The Impacts of the Ionospheric Observable and Mathematical Model on the Global Ionosphere Model
Institute of Space Sciences, Shandong University, 180 Wenhuaxi Road, Weihai 264209, China
State Key Laboratory of Geo-Information Engineering, Xi’an Research Institute of Surveying and Mapping, Xi’an 710054, China
Department of Land Surveying and Geo-Informatics, The Hong Kong Polytechnic University, Hong Kong 999077, China
Research Group of Astronomy and Geomatics (gAGE), Universitat Politecnica de Catalunya (UPC), Barcelona 08034, Spain
Author to whom correspondence should be addressed.
Received: 20 December 2017 / Revised: 21 January 2018 / Accepted: 22 January 2018 / Published: 25 January 2018
A high-accuracy Global Ionosphere Model (GIM) is significant for precise positioning and navigating with the Global Navigation Satellite System (GNSS), as well as space weather applications. To obtain a precise GIM, it is critical to take both the ionospheric observable and mathematical model into consideration. In this contribution, the undifferenced ambiguity-fixed carrier-phase ionospheric observable is first determined from a global distribution of permanent receivers. Accuracy assessment with a co-located station experiment shows that the observational errors affecting the ambiguity-fixed carrier-phase ionospheric observables range from 0.10 to 0.35 Total Electron Content Units (TECUs, where 1 TECU
and corresponds to 0.162 m on the Global Positioning System, GPS L1 frequency), indicating that the ambiguity-fixed carrier-phase ionospheric observable is over one order of magnitude more accurate than the carrier-phase leveled-code one (from 1.21 to 3.77 TECUs). Second, to better model the structure of the ionosphere, a two-layer GIM has been built based on the above carrier-phase observable. Preliminary global accuracy evaluation demonstrates that the accuracy of the two-layer GIM is below 1 TECU and about 2 TECUs during low and high solar activity periods. Third, the single-frequency point positioning experiment is adopted to test the ionosphere mitigation effects of the GIMs. Positioning results demonstrate that the single-frequency positioning accuracy can be improved by more than 30% using the undifferenced ambiguity-fixed ionospheric observable-derived two-layer GIM, compared with that using the carrier-phase leveled-code ionospheric observable-based single-layer GIM.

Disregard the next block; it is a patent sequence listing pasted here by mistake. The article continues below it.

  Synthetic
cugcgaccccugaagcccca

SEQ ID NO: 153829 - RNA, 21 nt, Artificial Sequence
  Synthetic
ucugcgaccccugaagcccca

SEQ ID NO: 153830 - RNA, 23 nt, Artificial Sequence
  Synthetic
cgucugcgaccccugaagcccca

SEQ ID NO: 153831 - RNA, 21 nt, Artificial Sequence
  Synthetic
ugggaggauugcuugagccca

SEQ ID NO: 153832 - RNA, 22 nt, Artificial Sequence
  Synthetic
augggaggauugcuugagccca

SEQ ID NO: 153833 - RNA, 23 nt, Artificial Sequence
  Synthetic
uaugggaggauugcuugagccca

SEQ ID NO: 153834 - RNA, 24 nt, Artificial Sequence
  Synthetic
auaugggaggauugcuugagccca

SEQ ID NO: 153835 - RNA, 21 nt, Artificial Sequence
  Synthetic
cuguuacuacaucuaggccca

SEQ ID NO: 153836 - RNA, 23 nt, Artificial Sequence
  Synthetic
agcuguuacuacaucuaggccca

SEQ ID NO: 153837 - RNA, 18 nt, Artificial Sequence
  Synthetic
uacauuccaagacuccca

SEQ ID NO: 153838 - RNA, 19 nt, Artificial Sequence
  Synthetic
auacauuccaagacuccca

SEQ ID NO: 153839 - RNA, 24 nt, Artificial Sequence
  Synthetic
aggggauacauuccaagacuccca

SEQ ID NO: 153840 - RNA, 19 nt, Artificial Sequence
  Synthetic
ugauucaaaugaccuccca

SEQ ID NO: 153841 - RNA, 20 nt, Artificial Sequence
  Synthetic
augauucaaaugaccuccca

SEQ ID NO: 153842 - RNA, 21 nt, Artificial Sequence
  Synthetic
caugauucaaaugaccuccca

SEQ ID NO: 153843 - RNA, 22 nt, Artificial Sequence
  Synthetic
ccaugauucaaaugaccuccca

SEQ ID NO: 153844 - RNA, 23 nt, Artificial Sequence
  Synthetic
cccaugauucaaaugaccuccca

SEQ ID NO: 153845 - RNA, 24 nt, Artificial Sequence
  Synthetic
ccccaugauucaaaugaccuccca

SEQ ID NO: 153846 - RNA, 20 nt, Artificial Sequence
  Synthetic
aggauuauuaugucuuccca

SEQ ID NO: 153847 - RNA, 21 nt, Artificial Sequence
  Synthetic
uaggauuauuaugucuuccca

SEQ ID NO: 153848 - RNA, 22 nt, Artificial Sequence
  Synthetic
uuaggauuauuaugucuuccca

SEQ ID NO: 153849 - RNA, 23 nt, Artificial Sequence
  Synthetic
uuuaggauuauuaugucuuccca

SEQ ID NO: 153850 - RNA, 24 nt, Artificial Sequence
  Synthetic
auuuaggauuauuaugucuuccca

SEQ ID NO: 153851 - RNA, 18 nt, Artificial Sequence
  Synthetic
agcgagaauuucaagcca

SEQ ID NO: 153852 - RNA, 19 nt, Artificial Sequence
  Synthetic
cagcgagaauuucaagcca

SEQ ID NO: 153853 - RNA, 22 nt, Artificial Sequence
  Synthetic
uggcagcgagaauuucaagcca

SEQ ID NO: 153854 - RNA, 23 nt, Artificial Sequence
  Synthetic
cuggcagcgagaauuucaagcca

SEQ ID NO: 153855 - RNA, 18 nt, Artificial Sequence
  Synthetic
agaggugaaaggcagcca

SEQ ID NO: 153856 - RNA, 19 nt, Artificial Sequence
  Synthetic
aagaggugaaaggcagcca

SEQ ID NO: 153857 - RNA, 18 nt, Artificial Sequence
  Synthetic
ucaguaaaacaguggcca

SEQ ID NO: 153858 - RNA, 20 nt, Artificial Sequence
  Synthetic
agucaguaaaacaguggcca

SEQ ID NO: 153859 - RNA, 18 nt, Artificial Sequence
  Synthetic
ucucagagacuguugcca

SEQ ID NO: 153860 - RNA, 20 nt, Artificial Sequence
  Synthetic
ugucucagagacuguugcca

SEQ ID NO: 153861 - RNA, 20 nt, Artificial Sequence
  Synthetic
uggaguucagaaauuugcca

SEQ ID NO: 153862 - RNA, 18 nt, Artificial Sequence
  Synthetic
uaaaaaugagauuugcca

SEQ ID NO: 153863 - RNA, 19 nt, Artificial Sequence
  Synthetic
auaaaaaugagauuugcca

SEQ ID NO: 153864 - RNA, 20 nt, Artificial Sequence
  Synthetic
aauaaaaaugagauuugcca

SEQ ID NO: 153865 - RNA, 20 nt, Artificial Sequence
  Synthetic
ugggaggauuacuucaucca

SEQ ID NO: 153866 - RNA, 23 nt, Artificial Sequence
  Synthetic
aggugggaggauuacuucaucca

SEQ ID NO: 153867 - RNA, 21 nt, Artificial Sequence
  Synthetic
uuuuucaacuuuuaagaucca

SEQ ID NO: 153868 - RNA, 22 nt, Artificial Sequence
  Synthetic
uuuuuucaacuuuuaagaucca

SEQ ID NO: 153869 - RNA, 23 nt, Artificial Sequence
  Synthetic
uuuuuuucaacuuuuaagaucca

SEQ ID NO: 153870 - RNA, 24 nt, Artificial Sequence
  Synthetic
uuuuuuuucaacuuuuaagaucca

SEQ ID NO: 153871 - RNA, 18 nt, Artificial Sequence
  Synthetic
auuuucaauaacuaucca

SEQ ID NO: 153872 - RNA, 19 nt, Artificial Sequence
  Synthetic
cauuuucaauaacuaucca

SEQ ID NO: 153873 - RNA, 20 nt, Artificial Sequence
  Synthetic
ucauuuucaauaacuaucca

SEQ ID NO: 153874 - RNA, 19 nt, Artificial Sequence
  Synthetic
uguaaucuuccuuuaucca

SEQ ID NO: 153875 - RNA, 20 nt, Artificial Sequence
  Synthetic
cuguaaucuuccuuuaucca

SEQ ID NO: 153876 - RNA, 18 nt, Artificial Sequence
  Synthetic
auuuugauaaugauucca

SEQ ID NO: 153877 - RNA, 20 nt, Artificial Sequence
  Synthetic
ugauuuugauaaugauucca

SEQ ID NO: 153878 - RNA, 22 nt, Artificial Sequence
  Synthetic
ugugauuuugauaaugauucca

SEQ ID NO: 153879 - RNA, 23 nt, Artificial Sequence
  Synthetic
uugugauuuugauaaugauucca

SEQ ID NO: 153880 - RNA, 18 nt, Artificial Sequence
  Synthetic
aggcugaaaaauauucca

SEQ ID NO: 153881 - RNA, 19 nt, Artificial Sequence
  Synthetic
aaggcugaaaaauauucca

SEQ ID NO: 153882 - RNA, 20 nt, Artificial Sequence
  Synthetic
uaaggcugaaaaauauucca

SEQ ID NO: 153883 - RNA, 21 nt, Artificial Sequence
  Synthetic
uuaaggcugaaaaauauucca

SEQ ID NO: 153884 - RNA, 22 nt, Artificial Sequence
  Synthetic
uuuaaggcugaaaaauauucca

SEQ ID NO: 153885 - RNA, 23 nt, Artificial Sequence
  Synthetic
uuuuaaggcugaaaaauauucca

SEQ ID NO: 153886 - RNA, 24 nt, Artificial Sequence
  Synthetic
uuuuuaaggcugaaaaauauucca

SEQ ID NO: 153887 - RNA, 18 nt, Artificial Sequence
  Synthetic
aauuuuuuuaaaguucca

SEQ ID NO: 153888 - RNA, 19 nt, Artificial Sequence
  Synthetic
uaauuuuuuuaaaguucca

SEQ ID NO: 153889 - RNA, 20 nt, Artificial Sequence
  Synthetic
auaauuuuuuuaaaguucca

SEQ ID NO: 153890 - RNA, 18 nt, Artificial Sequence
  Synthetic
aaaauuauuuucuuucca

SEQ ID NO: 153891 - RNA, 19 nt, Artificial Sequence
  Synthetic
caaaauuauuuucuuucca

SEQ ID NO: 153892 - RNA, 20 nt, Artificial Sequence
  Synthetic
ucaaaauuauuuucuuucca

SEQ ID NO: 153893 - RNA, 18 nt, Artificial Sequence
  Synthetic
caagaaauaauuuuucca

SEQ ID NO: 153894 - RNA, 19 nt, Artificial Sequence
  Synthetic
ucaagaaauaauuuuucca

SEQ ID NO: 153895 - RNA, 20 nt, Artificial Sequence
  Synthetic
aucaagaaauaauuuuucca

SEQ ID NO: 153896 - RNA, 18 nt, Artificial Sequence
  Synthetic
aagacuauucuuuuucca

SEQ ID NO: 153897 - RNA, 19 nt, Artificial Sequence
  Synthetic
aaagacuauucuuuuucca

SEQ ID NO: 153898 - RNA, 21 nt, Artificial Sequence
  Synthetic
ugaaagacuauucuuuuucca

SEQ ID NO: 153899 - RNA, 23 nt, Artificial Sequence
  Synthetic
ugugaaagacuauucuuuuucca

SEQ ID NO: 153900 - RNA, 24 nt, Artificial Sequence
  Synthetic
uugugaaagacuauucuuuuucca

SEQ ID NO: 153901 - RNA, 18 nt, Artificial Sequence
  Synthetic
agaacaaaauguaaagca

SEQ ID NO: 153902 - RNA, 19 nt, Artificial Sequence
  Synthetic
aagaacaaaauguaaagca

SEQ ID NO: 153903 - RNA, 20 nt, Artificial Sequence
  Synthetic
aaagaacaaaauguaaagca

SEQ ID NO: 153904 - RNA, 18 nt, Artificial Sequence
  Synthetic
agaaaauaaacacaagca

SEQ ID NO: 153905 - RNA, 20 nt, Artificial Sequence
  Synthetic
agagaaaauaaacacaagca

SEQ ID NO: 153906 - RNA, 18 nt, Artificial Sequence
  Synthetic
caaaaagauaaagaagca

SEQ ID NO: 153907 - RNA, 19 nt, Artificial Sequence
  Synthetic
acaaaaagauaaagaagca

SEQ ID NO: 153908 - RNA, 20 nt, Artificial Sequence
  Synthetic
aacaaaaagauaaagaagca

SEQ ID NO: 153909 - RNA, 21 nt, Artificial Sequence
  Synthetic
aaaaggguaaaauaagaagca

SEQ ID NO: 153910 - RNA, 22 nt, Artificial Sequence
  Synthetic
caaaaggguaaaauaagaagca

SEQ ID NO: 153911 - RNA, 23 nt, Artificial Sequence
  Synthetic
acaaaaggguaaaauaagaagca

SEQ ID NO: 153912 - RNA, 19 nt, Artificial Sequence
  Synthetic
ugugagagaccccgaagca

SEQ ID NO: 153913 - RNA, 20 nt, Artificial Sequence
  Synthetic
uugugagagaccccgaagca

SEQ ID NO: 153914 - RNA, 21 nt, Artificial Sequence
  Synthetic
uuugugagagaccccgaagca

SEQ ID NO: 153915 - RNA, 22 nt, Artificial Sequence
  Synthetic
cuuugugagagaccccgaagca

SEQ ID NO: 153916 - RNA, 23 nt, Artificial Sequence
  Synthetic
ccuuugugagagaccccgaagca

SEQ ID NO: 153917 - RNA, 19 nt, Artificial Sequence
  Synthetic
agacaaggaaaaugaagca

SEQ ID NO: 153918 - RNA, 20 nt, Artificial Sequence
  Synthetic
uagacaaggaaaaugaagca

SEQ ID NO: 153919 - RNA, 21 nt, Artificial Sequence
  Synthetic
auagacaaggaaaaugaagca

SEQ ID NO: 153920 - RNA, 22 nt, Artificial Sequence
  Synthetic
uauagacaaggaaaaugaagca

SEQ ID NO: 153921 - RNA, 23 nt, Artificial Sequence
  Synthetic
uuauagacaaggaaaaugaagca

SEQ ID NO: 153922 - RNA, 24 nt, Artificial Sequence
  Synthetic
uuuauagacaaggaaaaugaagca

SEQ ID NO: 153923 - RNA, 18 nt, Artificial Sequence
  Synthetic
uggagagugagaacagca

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Nie, W.; Xu, T.; Rovira-Garcia, A.; Zornoza, J.M.J.; Subirana, J.S.; González-Casado, G.; Chen, W.; Xu, G. The Impacts of the Ionospheric Observable and Mathematical Model on the Global Ionosphere Model. Remote Sens. 2018, 10, 169.
Nie W, Xu T, Rovira-Garcia A, Zornoza JMJ, Subirana JS, González-Casado G, Chen W, Xu G. The Impacts of the Ionospheric Observable and Mathematical Model on the Global Ionosphere Model. Remote Sensing. 2018; 10(2):169.
Nie, Wenfeng; Xu, Tianhe; Rovira-Garcia, Adrià; Zornoza, José M.J.; Subirana, Jaume S.; González-Casado, Guillermo; Chen, Wu; Xu, Guochang. 2018. "The Impacts of the Ionospheric Observable and Mathematical Model on the Global Ionosphere Model." Remote Sens. 10, no. 2: 169.
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